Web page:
One of Dylan's best , certainly because of the melody and wonderful lyrics but for me its the emotion the song brings . is he sad ? Is he angry? Is he really saying dont think twice ? To my ears its certainly not 'alright' with dylan . your version didnt make me wonder who you were thinking about while performing.

 

I dont believe in saying things like 'the right chord progression' (no offence em).

I'm a bigger fan of a lot of cover versions than the originals.

 

 

Im by no means slamming what you did.a change is always good. Keep em coming.

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I dont believe in saying things like 'the right chord progression' (no offence em).

 

No, okay, you got me, , , , , especially not with folk.

 

I break rules all the time, but in this particular song there is a chord-suspense, which is missed in the thread-version - for my 3 Yen anyway.

 

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I just dont want jason to think people didnt like it solely because he changed what the almighty bob does. Which ,lets face it , will be the case for a lot of people.

 

Well, , , over time we have come to learn that not even Bob plays them the way Bob plays them. . .

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Jason, another one for nice voice, nice guitar, needs more chords. The song sounds a bit weird without those changes. Who is Mike Ness?

Jerry, the 185 sounds very nice again. I know you're only winging it here, but the arrangement needs a band to cover the bits where you play lead. Has real potential to sound like Elvis Costello covering it, but you need a Steve Nieve.

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Here is a version I did three years ago (I guess) on Reggie, the 1930s Fanken-Regal. I was just fooling around with the guitar, and I did it is a style I once used in the 60s -- pardon the mistakes. It was off the cuff and I probably had not played it for ten years prior and also probably not since either.

 

https://vimeo.com/album/208022/video/10824304

 

 

Let's pick,

 

-Tom

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Here is a version I did three years ago (I guess) on Reggie, the 1930s Fanken-Regal. I was just fooling around with the guitar, and I did it is a style I once used in the 60s -- pardon the mistakes. It was off the cuff and I probably had not played it for ten years prior and also probably not since either.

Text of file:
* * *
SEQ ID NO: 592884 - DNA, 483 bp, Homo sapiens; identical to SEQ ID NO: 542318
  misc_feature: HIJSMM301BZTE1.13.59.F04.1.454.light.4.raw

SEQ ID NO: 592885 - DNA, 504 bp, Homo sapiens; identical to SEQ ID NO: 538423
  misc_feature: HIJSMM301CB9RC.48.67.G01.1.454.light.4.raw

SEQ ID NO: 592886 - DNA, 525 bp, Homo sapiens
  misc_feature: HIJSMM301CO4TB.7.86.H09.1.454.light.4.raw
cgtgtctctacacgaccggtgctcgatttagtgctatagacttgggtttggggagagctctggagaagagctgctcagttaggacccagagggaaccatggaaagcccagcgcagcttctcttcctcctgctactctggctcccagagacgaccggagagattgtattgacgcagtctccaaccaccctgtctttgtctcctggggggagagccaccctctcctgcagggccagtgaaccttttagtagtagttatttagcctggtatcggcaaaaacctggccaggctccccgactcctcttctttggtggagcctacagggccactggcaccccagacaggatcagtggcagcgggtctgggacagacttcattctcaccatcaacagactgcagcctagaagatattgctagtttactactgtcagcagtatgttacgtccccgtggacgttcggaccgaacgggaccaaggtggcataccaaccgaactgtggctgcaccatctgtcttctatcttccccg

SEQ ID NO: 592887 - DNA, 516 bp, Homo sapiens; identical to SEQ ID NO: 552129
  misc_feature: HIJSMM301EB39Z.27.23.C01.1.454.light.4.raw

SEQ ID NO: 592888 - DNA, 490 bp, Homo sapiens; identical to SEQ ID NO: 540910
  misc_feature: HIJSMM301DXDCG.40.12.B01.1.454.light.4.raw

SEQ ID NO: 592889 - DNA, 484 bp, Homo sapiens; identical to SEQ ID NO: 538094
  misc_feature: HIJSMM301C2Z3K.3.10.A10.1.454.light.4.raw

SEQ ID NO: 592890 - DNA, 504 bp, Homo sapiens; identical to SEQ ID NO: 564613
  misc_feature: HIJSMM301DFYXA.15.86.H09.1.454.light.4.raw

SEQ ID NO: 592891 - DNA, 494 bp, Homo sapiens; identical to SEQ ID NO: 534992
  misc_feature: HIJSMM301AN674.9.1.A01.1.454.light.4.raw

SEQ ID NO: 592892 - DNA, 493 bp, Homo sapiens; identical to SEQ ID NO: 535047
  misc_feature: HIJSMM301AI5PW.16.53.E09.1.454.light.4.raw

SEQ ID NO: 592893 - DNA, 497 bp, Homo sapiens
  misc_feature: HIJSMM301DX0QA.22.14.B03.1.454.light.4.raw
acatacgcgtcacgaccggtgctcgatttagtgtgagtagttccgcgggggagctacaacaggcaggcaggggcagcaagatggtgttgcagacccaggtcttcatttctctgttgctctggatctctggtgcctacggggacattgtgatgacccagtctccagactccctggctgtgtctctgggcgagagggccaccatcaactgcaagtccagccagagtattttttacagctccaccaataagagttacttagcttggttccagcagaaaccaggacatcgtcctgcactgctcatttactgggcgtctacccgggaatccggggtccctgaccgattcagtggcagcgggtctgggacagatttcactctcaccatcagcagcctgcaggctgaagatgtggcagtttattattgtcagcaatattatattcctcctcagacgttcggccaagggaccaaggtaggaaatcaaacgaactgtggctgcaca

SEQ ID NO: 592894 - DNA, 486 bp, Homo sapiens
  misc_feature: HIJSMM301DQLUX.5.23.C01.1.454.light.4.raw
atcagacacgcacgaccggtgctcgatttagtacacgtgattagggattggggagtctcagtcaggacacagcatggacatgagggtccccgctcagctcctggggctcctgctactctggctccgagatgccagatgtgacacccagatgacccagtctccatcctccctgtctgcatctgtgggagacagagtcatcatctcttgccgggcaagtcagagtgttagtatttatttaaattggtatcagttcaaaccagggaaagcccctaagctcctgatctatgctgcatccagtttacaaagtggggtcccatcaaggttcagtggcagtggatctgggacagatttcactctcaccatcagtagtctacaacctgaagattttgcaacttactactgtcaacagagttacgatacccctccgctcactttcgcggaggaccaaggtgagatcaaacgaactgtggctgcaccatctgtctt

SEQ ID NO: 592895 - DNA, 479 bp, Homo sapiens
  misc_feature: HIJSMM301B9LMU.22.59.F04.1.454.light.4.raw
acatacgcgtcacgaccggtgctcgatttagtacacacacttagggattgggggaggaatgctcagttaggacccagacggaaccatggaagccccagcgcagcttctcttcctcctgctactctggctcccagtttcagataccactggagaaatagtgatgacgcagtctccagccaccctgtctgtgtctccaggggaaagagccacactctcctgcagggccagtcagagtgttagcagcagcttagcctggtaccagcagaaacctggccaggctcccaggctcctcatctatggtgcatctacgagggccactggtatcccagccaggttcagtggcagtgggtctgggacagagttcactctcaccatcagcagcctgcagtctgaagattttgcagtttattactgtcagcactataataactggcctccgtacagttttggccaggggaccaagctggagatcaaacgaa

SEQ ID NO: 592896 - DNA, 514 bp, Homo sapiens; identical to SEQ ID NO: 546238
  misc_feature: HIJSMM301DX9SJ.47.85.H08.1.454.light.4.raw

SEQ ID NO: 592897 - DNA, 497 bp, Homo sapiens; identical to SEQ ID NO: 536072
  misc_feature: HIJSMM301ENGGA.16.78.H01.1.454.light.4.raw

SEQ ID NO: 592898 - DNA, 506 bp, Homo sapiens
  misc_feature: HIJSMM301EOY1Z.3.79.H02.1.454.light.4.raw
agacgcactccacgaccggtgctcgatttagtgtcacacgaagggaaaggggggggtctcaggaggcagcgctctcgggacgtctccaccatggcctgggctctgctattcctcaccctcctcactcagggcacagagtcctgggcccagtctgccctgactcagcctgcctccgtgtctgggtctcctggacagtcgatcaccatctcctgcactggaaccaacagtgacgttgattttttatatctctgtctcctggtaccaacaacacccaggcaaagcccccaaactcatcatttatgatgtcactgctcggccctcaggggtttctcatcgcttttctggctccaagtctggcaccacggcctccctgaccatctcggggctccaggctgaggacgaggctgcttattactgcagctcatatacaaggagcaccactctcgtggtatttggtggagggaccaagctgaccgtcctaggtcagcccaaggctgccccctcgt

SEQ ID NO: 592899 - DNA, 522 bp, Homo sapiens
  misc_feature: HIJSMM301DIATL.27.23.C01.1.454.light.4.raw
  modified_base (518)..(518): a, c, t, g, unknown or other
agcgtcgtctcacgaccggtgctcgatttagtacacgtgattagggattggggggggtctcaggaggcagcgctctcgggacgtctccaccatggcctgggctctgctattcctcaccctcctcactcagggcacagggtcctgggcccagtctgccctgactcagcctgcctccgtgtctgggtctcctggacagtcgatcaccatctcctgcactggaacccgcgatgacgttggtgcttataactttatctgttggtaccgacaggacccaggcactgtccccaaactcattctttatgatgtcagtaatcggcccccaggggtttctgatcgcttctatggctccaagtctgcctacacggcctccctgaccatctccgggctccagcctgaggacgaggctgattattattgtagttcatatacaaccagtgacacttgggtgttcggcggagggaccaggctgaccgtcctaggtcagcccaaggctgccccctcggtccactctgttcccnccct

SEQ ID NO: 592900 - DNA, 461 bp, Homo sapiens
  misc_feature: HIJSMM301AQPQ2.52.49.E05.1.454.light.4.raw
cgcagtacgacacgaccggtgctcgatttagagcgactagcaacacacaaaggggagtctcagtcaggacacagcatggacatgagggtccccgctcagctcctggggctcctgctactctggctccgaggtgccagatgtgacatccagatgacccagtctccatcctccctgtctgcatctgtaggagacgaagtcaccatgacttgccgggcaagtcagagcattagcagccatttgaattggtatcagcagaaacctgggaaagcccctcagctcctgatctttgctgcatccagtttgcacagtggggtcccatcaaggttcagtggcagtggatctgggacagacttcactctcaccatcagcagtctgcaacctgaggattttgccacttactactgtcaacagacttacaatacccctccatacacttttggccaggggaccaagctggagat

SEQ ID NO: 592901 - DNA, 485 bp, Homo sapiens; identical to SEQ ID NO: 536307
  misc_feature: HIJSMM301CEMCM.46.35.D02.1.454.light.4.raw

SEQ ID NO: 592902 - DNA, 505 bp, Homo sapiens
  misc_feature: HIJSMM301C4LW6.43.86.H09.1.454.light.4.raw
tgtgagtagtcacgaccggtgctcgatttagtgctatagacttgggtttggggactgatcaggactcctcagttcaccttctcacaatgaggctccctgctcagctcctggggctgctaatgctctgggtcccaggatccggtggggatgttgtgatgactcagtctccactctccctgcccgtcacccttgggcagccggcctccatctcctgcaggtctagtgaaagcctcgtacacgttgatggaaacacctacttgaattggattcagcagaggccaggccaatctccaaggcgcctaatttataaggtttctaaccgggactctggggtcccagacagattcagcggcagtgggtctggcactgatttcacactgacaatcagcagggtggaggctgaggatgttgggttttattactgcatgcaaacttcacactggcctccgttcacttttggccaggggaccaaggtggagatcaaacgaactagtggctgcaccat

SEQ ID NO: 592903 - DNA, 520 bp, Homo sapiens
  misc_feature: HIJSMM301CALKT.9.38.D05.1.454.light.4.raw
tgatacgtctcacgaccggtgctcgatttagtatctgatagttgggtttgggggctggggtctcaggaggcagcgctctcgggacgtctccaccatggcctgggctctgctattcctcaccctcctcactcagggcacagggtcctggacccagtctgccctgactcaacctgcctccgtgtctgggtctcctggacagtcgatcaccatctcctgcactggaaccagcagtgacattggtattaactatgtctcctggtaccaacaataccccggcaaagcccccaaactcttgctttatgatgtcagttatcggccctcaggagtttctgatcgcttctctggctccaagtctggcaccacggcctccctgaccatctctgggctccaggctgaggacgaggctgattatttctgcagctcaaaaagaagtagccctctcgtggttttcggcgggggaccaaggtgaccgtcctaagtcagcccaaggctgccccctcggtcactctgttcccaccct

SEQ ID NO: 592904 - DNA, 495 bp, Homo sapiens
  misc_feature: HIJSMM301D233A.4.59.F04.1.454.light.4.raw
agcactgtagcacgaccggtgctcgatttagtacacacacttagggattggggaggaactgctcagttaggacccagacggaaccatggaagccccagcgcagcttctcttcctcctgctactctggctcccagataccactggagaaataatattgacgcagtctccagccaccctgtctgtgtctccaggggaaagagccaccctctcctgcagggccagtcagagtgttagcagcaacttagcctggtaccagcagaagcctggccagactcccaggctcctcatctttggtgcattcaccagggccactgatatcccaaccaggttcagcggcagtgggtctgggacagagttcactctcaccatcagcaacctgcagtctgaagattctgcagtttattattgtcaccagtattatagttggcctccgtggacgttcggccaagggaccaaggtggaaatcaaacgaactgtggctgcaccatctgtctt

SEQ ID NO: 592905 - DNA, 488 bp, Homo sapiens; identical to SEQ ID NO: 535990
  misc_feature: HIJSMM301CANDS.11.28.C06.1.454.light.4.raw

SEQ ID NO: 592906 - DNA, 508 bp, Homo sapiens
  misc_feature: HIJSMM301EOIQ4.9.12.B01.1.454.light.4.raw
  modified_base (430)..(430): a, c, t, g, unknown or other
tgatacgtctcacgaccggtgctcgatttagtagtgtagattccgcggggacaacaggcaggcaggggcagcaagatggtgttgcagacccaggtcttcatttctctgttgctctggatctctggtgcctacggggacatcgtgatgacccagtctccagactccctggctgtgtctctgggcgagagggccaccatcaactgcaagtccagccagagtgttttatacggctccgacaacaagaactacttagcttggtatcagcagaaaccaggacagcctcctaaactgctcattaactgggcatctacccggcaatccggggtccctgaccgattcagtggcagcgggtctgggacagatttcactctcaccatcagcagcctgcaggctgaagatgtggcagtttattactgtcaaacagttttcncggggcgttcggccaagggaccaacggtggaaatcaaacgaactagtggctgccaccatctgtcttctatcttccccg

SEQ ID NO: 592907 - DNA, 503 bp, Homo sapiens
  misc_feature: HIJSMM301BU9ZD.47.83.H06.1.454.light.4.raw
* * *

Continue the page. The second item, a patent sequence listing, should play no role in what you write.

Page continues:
https://vimeo.com/album/208022/video/10824304

 

 

Let's pick,

 

-Tom

 

The album seems to be password protected.

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Thanks for all the comments everyone, I appreciate them all. Here is a link to the Mike Ness version. He is the founder and frontman for the band Social Distortion - this is from his solo record that has a more country vibe than the punk of Social D. His obviously better than mine as he has a full band backing him and a pretty cool guitar solo there in the middle. This was one of the first songs I learned to play and sing at the same time. Thanks for taking the time to watch.

 

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(Mike Ness) Sorry dude, not feeling it at all. That's butchery.

 

Nike Mess? Air-less, to say the least.

 

Loch Ness? Definitely should sink rather than swim.

 

Love rockabilly, but a real rockabilly guitarist could handle the original changes, chuck in a couple of jazzy substitutions and wang the whammy bar all at the same time. Jason, I think your version beats this one.

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I don't know, I think the Mike Ness thing actually sort of worked in its way. It's very punk sounding and there is a sense of deconstructing and even stomping on the original song even as it pays homage to it. It's purposely playing with the listener's expectations and producing a sort of dissonance. this is not my cup of tea but I can appreciate what it is. But this doesn't translate quite so well back in the acoustic solo performance without the electric guitars and the nihilistic feel...just sounds like oddly incomplete chords for this song.